BTW, this is one of the reasons modern relationships can be confusing–because people don’t know what role they’re playing.

At some point I’ll try to dive into what positive masculinity (1–footnote) looks like, and I’ll find some ladies who want to talk about what positive femininity looks like.

#4: If you start with the end in mind, you’re going to have a rough time getting there. Rules and expectations are counter-productive.

One thing I’ve encountered since re-entering the world of dating is that people often bring some pretty hefty expectations with them.

The worst is: “so, where exactly is this going” AKA do you eventually want to get serious and/or married? If we’re honest, it’s usually females asking this question, but I’m sure it sometimes happens in reverse.

Here’s the thing though: in the beginning, you can’t really know. That’s the whole point of dating–to figure out if it’s going to work or not. However, if you place huge expectations on the whole thing from the get go, the strength of the whatever bond you have with that person can’t hold all the weight.

A good analogy anyone who drinks wine will understand is this: imagine you open an old bottle of California Cab, pour a little in the glass, swirl, taste, and note that it’s a bit skunky. Do you declare that it’s corked and pour it down the drain, or do you give it some time to breathe, possibly decant it?

The answer is the latter, and relationships are the same way: they need time to breath and develop.

To use myself as an example, I’m not necessarily looking to get married again–but if I met the right woman and the chemistry was there, who knows? I might be open to it. I’m certainly not going to rule it out.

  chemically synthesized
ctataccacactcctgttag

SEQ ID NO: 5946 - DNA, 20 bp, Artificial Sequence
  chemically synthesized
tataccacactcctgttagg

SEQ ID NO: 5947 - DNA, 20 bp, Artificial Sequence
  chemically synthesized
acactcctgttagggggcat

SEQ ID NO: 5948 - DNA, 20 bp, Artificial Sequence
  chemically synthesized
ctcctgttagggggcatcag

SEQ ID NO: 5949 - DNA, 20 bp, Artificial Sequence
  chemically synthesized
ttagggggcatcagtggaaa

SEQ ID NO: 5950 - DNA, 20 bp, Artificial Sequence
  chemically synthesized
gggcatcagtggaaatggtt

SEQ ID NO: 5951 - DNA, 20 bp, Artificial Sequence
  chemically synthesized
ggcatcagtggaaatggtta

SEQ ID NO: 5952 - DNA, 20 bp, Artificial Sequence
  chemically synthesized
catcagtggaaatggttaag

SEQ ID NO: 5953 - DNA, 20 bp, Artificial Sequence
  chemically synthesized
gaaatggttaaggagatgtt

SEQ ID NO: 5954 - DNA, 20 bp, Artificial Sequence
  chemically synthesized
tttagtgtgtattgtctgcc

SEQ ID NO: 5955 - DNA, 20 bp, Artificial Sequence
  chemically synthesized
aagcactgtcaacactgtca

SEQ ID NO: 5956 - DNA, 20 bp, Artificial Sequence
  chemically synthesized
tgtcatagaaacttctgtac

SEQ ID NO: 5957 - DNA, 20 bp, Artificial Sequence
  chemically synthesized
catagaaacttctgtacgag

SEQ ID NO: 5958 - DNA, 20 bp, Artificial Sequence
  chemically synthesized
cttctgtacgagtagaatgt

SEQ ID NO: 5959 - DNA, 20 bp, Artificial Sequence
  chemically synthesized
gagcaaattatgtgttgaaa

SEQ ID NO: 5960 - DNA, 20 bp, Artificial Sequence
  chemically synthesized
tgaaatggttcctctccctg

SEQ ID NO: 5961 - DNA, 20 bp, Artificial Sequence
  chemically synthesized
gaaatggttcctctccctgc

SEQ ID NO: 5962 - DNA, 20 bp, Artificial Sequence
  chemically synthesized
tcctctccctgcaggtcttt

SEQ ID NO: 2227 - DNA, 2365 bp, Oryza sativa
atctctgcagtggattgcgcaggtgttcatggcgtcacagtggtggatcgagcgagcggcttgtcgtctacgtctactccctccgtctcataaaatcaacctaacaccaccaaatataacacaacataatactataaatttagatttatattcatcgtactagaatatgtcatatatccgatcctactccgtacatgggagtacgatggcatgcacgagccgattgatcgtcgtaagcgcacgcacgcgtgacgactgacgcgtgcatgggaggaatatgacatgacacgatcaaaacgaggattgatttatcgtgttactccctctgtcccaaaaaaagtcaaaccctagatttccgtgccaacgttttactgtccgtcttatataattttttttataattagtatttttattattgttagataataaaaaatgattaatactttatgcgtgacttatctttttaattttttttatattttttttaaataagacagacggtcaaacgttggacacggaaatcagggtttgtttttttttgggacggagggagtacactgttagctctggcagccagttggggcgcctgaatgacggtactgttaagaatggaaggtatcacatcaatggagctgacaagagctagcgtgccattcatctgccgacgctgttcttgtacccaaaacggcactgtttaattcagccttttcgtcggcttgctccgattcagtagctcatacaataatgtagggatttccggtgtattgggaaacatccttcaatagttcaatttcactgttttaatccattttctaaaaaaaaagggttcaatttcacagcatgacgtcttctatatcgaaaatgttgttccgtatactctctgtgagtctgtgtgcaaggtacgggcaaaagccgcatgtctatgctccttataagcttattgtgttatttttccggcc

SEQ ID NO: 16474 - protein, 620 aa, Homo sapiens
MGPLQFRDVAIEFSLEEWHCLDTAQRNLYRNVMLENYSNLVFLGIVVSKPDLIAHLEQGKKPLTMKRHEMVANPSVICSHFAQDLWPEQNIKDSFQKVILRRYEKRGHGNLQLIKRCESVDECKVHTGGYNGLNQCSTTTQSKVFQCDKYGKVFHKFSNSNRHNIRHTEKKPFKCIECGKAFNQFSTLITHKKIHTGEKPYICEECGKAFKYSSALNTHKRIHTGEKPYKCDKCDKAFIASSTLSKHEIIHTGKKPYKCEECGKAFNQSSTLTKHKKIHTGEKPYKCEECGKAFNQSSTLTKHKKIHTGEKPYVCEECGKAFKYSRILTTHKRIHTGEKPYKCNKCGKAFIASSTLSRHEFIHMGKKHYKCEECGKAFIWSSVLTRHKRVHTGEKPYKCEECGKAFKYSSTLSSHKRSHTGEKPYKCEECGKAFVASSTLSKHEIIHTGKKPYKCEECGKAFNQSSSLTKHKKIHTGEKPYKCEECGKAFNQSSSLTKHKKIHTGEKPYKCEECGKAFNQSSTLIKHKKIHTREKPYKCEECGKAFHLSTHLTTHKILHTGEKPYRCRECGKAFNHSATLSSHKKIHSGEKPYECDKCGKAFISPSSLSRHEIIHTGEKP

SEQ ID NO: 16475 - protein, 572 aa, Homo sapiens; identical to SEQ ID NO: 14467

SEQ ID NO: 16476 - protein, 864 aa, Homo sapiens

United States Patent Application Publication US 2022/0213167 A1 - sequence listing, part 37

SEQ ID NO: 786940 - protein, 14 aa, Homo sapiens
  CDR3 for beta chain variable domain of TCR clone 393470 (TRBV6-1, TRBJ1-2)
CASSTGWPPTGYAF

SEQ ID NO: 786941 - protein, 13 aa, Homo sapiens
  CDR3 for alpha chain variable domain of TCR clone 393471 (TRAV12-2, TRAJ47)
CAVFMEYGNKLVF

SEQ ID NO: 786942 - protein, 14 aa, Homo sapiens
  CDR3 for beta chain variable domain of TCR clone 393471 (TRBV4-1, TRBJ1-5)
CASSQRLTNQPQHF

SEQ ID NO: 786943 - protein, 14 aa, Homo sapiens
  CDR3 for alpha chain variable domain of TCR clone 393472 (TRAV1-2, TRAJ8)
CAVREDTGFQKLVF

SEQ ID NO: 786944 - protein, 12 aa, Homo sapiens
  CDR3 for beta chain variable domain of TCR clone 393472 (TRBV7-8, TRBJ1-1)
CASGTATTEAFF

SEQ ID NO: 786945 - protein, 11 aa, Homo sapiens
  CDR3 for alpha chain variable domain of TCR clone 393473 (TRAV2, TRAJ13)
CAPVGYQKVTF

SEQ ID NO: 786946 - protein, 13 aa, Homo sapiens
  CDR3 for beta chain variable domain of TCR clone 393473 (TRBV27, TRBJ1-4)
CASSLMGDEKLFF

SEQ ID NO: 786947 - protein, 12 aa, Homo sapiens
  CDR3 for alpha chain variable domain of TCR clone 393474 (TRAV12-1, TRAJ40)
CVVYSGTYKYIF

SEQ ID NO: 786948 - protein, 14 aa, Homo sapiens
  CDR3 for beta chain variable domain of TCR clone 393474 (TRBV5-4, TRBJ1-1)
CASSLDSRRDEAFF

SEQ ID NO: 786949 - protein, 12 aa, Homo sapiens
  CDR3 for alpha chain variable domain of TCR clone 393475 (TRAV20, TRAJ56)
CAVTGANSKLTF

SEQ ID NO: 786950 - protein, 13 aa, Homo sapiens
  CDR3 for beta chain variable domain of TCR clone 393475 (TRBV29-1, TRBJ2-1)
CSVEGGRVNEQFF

But after three dates? Sorry, no.

Now I know a lot of women out there are going to say: but Jeff, a lot of guys just want sex and I don’t want to get used.

Totally fair. But here’s the thing: the reason “hookups” and “fuckbois” have become a thing is primarily because of SOD, where again, because of the dynamic, means women are regularly matching with guys 10-20% more attractive than they are. And as I mention in that blog/podcast, no, that guy isn’t sticking around, and that shouldn’t be all that surprising.

In other words, I’d argue that fewer people are getting married and women are having a hard time finding a guy to marry, not because guys are significantly more afraid of commitment than we ever have been, but because guys don’t want to commit to a woman they only feel so-so about.

People have successful, long term relationships and marriages because they’re a good match for each other. The dynamics of SOD don’t lead to good matches, and I’m not going to say any more about that here. Listen to the podcast or read the damn blog already.

The point is that if you’re a woman looking for something more than casual sex, you’ll have a much better chance of finding someone serious who’s a good match IRL.